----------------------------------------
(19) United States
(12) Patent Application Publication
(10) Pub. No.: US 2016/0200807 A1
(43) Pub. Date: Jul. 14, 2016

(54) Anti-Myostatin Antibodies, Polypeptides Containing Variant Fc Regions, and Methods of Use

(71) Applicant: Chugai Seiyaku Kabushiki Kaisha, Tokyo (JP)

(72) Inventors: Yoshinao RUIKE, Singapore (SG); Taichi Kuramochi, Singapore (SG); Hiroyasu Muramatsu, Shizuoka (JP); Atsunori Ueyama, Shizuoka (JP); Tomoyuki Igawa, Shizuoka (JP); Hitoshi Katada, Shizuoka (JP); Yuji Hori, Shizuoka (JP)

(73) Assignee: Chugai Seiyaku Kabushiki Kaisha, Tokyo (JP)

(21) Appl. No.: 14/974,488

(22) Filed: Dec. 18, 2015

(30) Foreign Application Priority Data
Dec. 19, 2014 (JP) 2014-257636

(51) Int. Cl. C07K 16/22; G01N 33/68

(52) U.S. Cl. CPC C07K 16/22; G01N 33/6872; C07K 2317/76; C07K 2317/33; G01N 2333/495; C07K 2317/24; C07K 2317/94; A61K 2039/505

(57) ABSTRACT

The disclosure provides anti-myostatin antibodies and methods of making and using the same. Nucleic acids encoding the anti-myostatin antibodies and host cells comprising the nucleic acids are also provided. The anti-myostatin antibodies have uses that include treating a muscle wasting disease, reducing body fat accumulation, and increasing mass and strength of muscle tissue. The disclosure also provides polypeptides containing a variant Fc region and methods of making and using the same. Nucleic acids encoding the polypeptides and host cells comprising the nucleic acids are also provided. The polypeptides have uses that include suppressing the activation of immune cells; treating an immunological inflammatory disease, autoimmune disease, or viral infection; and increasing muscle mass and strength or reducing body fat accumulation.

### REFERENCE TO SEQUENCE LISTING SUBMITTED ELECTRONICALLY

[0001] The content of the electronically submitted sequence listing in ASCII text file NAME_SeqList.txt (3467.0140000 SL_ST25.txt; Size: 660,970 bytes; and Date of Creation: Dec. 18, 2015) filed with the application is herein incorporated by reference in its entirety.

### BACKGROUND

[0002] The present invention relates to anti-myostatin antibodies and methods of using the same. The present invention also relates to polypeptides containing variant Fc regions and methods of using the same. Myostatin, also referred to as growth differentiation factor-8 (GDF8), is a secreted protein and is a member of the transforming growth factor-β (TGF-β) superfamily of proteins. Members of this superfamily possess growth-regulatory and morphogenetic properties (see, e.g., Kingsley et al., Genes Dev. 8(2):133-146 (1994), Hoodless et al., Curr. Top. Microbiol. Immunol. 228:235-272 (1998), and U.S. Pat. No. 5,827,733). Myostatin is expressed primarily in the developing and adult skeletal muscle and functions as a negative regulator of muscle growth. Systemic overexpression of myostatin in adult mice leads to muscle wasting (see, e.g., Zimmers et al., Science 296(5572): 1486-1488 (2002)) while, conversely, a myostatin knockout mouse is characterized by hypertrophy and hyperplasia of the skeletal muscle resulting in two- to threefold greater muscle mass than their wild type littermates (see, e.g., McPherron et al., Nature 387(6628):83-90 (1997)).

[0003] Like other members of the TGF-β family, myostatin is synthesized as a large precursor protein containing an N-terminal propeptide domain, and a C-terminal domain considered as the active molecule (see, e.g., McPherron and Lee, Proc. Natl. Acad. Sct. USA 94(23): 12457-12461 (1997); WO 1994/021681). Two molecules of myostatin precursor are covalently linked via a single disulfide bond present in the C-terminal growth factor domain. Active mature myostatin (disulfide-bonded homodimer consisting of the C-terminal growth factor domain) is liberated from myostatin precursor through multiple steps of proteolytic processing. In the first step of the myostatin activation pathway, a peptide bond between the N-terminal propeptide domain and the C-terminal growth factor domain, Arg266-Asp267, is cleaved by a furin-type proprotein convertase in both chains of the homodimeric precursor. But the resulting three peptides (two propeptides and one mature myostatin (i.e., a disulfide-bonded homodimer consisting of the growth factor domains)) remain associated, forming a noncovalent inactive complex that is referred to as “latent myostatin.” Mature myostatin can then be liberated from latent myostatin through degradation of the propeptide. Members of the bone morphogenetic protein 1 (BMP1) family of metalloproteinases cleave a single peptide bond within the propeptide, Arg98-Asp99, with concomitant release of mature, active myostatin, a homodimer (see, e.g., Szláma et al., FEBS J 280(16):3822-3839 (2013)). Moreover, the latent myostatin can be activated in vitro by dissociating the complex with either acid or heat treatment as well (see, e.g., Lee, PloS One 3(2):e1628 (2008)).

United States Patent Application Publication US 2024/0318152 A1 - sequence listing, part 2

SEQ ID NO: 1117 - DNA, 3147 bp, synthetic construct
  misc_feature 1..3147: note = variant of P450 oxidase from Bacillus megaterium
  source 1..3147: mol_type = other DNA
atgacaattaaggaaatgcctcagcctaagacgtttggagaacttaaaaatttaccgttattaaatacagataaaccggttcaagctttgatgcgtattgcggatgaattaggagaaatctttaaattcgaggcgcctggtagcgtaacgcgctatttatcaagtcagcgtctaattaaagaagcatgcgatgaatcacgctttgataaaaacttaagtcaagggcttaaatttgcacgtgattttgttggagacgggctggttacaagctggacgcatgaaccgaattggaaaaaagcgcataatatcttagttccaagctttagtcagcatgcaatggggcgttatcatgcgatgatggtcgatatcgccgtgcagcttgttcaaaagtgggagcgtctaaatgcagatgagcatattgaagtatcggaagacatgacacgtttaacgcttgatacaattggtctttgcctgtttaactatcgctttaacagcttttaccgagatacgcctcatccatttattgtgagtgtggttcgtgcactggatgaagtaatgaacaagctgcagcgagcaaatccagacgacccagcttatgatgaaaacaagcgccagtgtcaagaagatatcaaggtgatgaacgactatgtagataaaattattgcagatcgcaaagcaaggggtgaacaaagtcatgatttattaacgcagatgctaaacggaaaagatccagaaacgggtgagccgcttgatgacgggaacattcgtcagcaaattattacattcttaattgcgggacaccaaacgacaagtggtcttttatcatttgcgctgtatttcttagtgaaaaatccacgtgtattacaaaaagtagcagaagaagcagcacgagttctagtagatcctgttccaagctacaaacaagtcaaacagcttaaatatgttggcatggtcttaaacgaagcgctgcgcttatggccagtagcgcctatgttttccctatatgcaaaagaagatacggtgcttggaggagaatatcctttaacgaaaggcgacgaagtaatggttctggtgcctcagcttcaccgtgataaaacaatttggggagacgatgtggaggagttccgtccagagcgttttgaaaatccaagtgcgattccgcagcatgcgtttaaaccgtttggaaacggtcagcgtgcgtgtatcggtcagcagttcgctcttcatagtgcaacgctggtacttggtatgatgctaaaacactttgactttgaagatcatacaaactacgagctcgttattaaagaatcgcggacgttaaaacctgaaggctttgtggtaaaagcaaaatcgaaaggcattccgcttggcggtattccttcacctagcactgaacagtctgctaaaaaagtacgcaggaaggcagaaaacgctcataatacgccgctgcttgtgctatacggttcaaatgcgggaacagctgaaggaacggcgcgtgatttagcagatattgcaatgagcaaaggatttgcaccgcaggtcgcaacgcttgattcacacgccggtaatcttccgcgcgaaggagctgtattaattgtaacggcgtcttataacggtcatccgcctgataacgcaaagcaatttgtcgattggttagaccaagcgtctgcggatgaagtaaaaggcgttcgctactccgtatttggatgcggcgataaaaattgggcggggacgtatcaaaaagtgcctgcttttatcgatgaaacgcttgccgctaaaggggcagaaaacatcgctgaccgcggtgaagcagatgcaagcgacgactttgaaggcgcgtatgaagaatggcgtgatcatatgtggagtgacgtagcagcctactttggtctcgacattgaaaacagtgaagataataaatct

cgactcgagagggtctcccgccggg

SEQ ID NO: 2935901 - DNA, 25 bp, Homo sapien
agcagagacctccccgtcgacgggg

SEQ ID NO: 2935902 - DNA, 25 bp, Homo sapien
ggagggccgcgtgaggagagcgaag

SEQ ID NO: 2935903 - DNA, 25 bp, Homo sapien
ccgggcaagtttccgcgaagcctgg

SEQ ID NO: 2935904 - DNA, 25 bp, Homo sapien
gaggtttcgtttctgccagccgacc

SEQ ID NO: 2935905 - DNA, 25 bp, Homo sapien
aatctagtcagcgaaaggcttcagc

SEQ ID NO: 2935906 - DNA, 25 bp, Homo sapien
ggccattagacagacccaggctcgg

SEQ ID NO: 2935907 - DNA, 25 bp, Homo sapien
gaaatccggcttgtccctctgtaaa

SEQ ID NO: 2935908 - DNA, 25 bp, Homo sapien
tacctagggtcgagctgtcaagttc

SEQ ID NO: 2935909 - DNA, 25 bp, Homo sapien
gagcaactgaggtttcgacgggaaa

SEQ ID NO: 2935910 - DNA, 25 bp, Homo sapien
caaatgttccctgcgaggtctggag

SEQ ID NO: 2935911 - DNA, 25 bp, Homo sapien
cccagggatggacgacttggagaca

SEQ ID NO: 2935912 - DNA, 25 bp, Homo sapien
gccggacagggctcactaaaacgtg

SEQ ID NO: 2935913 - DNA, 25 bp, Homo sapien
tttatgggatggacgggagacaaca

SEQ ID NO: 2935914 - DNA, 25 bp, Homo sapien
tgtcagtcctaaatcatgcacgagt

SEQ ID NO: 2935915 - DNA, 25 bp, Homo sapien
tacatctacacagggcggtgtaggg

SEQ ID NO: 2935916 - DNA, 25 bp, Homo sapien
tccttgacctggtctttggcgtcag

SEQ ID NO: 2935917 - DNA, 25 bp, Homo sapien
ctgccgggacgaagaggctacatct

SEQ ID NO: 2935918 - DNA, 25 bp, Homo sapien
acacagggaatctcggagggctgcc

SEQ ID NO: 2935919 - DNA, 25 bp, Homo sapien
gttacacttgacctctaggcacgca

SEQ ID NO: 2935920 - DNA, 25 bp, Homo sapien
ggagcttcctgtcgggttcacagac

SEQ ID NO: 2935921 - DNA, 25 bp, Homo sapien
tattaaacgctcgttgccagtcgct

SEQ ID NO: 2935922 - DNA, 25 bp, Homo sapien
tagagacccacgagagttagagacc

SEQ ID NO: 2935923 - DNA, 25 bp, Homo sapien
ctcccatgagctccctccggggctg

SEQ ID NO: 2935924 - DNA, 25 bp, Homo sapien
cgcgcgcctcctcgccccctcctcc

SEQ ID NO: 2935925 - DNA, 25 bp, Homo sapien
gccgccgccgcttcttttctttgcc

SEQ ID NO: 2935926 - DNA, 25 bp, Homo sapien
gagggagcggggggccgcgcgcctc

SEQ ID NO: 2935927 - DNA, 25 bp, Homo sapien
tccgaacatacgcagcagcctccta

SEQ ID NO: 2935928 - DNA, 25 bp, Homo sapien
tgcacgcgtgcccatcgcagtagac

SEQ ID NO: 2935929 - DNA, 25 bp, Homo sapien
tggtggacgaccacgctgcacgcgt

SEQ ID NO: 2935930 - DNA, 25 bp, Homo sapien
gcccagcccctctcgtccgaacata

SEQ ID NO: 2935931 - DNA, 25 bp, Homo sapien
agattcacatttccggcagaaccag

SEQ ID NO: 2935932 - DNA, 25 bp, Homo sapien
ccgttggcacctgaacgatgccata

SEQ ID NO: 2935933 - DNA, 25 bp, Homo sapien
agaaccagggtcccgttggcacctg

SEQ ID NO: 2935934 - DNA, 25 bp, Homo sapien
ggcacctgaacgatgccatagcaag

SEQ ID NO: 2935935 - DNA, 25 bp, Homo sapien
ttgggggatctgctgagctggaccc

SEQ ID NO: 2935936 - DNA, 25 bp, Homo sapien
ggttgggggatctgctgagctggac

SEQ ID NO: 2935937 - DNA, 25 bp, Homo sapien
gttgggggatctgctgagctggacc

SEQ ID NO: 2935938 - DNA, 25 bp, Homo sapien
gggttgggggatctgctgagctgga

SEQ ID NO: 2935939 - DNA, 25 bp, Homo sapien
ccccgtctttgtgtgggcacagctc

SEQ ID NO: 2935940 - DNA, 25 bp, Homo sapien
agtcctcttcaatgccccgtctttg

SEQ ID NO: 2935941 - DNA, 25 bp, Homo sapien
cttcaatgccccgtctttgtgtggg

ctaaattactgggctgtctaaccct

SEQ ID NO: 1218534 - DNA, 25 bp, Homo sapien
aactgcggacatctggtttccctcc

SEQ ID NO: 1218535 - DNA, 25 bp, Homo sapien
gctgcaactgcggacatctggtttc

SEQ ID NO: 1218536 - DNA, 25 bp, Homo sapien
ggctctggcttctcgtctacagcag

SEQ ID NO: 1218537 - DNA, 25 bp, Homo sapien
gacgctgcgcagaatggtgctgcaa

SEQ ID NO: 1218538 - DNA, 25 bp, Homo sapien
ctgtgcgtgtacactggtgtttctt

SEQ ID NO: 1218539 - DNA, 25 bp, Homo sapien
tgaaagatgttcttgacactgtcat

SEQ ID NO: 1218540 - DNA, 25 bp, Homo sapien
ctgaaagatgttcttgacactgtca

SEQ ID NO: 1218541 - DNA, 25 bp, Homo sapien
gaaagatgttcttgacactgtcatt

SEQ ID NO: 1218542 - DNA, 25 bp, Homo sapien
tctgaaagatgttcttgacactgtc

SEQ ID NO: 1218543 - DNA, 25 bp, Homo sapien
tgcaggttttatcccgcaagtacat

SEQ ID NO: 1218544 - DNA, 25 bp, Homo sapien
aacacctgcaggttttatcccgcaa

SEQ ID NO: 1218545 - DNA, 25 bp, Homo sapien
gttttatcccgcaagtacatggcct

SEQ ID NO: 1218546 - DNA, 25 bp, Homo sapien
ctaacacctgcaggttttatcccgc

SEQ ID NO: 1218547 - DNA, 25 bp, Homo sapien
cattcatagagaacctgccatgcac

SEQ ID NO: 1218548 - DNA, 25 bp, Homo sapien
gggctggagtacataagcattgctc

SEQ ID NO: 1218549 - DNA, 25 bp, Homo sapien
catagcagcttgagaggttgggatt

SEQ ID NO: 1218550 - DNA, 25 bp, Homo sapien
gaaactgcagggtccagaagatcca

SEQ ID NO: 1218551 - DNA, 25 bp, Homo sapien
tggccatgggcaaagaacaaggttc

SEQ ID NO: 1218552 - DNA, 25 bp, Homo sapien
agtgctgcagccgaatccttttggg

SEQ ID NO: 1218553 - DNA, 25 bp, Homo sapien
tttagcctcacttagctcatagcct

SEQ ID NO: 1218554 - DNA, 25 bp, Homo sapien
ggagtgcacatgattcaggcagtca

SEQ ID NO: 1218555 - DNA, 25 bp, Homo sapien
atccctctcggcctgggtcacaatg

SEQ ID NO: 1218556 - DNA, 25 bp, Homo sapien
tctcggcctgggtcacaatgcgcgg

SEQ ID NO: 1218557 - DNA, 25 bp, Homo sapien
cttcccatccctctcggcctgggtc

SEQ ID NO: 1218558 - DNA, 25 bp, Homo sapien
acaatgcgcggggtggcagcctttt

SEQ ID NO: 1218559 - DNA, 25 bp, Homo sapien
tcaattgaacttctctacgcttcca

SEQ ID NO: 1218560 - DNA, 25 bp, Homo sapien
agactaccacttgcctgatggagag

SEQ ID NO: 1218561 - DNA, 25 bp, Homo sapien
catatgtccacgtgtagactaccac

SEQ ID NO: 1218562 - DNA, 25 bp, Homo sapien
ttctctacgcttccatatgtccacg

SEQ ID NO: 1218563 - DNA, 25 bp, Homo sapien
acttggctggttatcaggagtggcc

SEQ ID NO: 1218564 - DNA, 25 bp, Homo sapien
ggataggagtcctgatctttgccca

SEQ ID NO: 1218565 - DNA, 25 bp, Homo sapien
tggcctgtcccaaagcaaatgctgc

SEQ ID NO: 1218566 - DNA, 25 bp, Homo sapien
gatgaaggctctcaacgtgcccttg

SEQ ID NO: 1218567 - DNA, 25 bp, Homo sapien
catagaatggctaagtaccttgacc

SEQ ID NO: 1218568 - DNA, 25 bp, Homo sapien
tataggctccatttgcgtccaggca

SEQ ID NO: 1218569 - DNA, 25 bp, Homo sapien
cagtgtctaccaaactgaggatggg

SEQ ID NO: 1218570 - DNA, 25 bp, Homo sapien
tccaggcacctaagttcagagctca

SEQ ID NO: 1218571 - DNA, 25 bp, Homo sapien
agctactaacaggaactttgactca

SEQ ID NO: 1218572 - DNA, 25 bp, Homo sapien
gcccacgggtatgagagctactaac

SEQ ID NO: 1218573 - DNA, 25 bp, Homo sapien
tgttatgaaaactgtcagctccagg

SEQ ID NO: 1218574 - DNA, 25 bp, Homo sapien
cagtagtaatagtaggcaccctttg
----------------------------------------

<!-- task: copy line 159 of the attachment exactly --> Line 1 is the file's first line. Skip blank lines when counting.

SEQ ID NO: 1218558 - DNA, 25 bp, Homo sapien